Longest-Serving Wisconsin Supreme Court Justice Dies at 87

Then-Wisconsin Supreme Court Chief Justice Shirley Abrahamson questions an attorney in 2013. (M.P. King /Wisconsin State Journal via AP, Pool, File)

MILWAUKEE (CN) — Shirley Abrahamson, the Wisconsin Supreme Court’s longest-serving justice and the first woman on the high court, died late Saturday. She was 87.

A trailblazer who broke the gender barrier on Wisconsin’s highest court via appointment by former Governor Patrick Lucey in 1976, Abrahamson served on the court for nearly 43 years, including a record 19 years as chief justice, before stepping down in July 2019 not long after being diagnosed with pancreatic cancer.

Abrahamson received praise from many during her career as a leading liberal judicial figure, not the least of which from former U.S. Supreme Court Justice Ruth Bader Ginsburg, who herself died in September, also at the age of 87.

In a videotaped statement from shortly before Abrahamson’s retirement, Ginsburg referred to Abrahamson as “the most courageous and sage” jurist she had ever come across and someone who “contributed enormously to the advancement of women’s opportunities and well-being in the legal profession.”

Born Shirley Schlanger in New York City in 1933 after her parents immigrated from Poland, Abrahamson earned her bachelor’s degree from New York University in 1953. She continued her education at Indiana University, where she earned her law degree at the top of her class in 1956 and met her husband Seymour Abrahamson, a geneticist and professor of zoology who died in 2016.

Abrahamson worked in private practice as the first female member of a Madison law firm and lectured at the University of Wisconsin Law School for almost 15 years before her historic appointment to the Wisconsin Supreme Court.

Author of more than 450 majority opinions and party to over 1,300 rulings over the course of her tenure on the Wisconsin Supreme Court, Abrahamson was considered for appointment to the U.S. Supreme Court by Bill Clinton in 1993, according to the Associated Press.

She was long regarded by those her knew her and her work as a champion for civil rights and civil liberties and a forceful advocate for open government, public records and judicial transparency.

According to the Milwaukee Journal Sentinel, the Wisconsin high court became one of the first in the nation to hold administrative meetings publicly while she was chief justice, and in the 1990s she backed a program that brings high school students into the state supreme court hearing room for oral arguments.

Though widely admired for her sharp legal acumen, Abrahamson had her share of critics, particularly among Badger State conservatives. In 2011 she was in the minority of the state’s high court in opposing Wisconsin Act 10, a controversial law signed by Republican former Governor Scott Walker that severely curtailed the rights of public sector unions.

Abrahamson was also ousted as chief justice in 2015 when Republican lawmakers pushed through a constitutional amendment allowing members of the high court to choose the chief justice instead of the title going to the most senior justice. Current Chief Justice Patience Roggensack, a conservative, has served in that role ever since.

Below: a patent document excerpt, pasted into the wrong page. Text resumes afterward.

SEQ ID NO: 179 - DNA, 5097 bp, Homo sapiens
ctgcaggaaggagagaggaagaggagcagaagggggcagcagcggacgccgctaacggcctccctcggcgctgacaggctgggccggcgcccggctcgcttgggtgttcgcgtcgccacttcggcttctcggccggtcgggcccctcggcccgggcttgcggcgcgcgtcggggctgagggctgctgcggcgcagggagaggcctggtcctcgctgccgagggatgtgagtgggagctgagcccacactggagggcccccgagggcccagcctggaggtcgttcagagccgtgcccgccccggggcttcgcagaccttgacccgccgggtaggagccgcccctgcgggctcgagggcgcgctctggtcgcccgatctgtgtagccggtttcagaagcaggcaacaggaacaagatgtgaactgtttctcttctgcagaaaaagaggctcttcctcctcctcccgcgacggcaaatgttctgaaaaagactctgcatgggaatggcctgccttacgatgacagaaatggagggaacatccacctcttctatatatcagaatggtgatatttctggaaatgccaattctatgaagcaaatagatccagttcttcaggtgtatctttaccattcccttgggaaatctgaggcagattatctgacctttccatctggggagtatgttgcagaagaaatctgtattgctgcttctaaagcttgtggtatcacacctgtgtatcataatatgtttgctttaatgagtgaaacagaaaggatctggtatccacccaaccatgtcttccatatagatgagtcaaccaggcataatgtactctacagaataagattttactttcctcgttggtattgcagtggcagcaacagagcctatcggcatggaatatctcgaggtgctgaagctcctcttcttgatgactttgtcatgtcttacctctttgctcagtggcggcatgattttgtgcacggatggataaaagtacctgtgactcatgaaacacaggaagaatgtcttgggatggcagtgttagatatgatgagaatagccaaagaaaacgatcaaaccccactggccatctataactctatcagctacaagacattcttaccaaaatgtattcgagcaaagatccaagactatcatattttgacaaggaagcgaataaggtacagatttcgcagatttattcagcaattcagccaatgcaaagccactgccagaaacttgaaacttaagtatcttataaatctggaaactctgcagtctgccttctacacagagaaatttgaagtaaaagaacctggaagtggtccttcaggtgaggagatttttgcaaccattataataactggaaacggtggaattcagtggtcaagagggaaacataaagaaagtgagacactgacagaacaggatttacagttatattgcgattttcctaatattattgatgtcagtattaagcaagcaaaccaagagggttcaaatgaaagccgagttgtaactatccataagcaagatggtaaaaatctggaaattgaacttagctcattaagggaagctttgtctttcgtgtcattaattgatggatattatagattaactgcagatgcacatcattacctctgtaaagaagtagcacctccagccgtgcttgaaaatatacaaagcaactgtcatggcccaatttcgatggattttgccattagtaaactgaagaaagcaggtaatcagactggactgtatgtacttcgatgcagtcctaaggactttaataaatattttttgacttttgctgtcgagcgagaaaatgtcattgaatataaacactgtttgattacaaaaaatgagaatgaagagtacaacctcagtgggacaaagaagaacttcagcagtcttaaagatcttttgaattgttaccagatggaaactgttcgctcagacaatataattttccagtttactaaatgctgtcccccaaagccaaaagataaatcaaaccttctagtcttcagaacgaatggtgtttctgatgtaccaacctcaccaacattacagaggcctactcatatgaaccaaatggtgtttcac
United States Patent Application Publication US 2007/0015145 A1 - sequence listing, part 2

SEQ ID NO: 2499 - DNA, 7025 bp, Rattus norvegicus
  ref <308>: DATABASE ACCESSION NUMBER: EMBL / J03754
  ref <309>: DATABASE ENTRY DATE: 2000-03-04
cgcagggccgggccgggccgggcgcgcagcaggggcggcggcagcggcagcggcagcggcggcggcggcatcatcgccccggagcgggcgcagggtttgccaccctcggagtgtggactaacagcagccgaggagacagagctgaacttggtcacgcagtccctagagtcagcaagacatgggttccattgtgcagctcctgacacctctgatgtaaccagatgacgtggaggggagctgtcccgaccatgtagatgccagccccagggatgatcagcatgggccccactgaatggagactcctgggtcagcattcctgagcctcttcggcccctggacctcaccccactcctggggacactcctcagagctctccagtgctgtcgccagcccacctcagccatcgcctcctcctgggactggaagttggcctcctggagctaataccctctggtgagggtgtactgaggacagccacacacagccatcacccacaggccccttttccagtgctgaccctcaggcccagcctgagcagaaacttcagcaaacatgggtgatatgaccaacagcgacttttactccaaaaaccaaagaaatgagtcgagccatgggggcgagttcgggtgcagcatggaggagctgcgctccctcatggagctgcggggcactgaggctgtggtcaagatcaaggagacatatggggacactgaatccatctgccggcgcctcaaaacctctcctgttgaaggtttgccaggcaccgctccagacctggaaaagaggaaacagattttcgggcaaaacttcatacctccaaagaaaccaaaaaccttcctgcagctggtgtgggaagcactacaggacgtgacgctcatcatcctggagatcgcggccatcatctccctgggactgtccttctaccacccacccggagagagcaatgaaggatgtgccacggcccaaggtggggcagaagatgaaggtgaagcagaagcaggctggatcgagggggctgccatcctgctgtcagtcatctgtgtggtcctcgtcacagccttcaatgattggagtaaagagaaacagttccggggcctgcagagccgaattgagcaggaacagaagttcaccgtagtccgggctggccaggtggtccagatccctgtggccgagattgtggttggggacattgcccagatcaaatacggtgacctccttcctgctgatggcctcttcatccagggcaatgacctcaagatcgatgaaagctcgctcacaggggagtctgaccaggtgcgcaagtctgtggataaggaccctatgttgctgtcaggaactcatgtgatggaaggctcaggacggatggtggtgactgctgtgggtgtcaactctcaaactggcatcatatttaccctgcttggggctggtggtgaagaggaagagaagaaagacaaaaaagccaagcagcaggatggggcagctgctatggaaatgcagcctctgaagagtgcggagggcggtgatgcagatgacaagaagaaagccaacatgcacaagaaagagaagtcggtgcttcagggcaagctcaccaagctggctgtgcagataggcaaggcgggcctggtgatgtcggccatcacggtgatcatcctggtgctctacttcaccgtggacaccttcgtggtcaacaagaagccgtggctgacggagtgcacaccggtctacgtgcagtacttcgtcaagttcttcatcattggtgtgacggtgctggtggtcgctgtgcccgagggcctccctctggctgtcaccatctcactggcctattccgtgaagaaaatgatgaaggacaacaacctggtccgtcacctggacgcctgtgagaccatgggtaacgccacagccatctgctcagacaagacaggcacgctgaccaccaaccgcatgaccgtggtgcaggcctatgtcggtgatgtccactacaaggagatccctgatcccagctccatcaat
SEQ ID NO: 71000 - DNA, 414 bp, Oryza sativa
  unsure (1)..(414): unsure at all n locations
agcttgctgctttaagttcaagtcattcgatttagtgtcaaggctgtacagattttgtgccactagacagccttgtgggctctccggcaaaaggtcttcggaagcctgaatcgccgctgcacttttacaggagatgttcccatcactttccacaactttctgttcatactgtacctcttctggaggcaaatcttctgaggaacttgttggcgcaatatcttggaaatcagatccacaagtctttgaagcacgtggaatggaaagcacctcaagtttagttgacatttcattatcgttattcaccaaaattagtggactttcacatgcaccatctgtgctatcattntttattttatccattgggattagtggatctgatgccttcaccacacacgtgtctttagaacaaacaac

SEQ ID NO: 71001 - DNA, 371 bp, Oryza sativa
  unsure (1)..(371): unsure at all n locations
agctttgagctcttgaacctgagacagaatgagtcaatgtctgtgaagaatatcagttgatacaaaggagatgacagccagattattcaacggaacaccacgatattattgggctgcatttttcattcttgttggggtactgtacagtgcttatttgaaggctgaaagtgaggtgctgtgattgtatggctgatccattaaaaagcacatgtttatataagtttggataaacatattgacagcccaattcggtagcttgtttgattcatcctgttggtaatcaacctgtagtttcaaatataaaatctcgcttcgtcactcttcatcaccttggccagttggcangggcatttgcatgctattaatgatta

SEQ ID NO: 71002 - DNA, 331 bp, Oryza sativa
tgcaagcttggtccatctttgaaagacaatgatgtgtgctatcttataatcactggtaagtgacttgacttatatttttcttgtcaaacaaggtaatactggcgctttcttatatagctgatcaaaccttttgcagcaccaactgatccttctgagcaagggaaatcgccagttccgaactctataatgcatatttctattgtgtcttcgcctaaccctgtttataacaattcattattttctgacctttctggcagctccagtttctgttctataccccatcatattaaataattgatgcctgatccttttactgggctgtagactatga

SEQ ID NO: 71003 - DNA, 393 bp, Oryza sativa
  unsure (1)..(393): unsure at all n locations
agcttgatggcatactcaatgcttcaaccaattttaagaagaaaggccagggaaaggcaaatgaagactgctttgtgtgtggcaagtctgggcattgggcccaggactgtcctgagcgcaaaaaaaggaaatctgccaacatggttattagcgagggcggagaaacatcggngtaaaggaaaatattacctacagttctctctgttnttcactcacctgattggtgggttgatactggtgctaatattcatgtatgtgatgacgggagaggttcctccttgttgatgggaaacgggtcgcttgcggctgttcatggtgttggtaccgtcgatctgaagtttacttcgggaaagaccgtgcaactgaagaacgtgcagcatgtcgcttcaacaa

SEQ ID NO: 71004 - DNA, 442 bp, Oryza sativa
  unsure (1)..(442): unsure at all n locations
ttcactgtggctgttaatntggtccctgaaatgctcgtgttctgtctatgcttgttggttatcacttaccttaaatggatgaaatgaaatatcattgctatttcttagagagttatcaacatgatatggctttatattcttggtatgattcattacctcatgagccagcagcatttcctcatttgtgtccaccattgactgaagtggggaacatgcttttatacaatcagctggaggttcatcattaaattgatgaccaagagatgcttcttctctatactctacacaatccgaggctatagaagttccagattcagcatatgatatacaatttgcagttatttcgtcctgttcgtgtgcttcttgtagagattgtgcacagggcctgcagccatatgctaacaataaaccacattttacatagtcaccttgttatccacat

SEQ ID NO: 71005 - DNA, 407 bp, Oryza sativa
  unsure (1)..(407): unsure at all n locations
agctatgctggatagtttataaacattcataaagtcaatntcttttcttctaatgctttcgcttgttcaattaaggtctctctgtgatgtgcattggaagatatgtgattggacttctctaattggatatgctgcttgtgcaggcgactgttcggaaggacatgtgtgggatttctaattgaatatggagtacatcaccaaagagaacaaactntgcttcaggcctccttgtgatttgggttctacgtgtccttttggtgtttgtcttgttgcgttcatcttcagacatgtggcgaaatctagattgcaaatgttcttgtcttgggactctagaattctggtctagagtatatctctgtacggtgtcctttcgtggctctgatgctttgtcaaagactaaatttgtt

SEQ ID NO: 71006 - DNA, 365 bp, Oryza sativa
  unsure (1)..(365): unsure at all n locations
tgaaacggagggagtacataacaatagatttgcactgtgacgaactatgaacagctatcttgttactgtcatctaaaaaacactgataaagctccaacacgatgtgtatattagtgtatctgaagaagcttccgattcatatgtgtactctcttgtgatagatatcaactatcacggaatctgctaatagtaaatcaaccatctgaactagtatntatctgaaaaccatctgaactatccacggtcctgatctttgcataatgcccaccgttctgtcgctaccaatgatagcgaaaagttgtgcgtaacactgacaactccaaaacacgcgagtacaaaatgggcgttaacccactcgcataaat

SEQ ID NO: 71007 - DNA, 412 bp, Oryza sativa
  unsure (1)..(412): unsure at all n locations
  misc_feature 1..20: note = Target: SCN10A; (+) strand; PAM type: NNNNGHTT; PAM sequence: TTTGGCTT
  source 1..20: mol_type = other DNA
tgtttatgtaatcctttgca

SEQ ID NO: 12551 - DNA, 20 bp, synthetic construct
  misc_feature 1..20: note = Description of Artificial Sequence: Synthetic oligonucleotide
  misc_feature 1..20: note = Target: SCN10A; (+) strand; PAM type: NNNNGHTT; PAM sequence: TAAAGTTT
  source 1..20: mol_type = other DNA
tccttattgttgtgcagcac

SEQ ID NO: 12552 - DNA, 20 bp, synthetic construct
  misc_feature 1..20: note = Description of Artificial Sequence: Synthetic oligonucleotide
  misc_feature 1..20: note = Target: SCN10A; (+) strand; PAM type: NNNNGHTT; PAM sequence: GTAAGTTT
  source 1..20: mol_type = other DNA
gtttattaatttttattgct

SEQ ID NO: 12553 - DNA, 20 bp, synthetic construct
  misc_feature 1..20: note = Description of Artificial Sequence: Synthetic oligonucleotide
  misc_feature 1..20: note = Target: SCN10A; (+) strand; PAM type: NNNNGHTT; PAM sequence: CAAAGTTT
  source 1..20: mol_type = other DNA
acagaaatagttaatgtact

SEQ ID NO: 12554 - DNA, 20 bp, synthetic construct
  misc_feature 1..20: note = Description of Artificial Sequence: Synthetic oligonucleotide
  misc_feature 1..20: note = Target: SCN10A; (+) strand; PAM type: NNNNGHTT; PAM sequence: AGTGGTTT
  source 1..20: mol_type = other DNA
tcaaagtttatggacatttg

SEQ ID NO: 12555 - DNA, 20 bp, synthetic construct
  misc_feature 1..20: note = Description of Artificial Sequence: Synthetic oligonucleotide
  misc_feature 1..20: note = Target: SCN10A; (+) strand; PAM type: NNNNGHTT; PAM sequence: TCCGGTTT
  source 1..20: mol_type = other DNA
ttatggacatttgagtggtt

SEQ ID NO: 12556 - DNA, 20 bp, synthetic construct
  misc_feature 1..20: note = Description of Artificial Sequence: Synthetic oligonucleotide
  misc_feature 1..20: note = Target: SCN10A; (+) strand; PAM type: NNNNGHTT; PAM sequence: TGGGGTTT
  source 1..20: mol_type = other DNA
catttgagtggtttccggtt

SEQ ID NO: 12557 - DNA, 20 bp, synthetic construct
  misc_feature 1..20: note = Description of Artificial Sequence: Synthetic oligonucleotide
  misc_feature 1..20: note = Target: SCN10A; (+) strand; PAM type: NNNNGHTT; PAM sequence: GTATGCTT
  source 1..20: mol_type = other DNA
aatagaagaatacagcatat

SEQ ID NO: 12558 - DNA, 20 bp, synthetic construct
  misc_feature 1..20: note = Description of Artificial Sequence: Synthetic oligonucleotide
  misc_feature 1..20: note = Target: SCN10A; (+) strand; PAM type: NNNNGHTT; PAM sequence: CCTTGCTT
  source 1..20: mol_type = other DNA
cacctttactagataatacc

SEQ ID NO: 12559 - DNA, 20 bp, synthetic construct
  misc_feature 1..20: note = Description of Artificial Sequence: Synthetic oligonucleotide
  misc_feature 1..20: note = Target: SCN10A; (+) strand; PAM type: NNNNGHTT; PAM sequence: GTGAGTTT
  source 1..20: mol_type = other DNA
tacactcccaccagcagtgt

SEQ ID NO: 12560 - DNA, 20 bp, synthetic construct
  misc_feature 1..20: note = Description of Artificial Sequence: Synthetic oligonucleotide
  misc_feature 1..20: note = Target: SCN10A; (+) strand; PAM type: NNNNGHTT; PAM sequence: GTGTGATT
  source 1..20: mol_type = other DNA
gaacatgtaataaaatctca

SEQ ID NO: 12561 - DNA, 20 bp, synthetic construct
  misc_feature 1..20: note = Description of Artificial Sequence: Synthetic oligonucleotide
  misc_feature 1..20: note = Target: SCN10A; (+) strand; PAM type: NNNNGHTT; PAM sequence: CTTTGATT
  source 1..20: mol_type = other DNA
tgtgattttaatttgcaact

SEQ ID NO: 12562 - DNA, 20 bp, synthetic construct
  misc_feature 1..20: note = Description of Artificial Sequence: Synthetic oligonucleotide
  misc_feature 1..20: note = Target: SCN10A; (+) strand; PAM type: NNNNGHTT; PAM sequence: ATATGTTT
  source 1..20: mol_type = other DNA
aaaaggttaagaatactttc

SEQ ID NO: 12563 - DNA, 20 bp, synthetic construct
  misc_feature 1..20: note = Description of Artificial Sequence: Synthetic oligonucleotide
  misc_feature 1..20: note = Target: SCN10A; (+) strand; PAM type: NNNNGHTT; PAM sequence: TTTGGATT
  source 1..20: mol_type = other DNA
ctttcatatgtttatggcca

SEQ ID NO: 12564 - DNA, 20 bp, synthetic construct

News of Abrahamson’s death sparked an outpouring of affection and admiration from Wisconsin public figures.

“Chief Justice Abrahamson was a meticulous jurist and a profound writer who believed in an independent judiciary,” said Governor Tony Evers. “But she was also a champion for a more fair, more equitable state and country, and to that end, worked to hold our laws to account.”

The Democratic governor went on to call Abrahamson “a pillar of our state and the court for generations” and “one of our state’s most extraordinary public servants.”

Wisconsin Attorney General Josh Kaul said “you didn’t have to know Chief Justice Abrahamson to know that she was brilliant, worked famously long hours in service to the people of Wisconsin, and was dedicated to fairness and justice,” going on to praise her opinions which “shaped our understanding of the law for the better” and “will have an impact for decades to come, as courts look to them for guidance and wisdom in resolving legal issues that have yet to arise.”

U.S. Senator Tammy Baldwin, a Madison Democrat, praised Abrahamson’s integrity and independence while also nodding at the justice’s renowned work ethic.

“All of us know the stories of that lonely office light on at the state capital, as the chief did her job working late into the night reading briefs and writing opinions,” Baldwin said. “She was a true public servant who lived up to Wisconsin’s work ethic with her hard work doing so much for this state.”

State Assembly Speaker Robin Vos, perhaps the Badger State’s most powerful Republican, recognized Abrahamson as “an accomplished jurist and a groundbreaker in Wisconsin’s legal community” who “will be remembered for her gifted legal mind and commitment to Wisconsin.”

Abrahamson is survived by her son, Daniel, who practices law in California. The justice had relocated to Berkeley to be closer to him and his family following her retirement.

In a statement she released in 2018 announcing her plan to not run for a potential fifth reelection, Abrahamson stressed that, on or off the bench, her voice and her views would continue to ring out in the Badger State and beyond.

“When I joined the court, I was given a voice—a voice that I have not hesitated to use,” she said. “The best expression of appreciation I can give the people who have elected and repeatedly re-elected me is to continue to speak with the clarity, forthrightness and compassion that come from a life I have tried to devote to service and to justice for all.”

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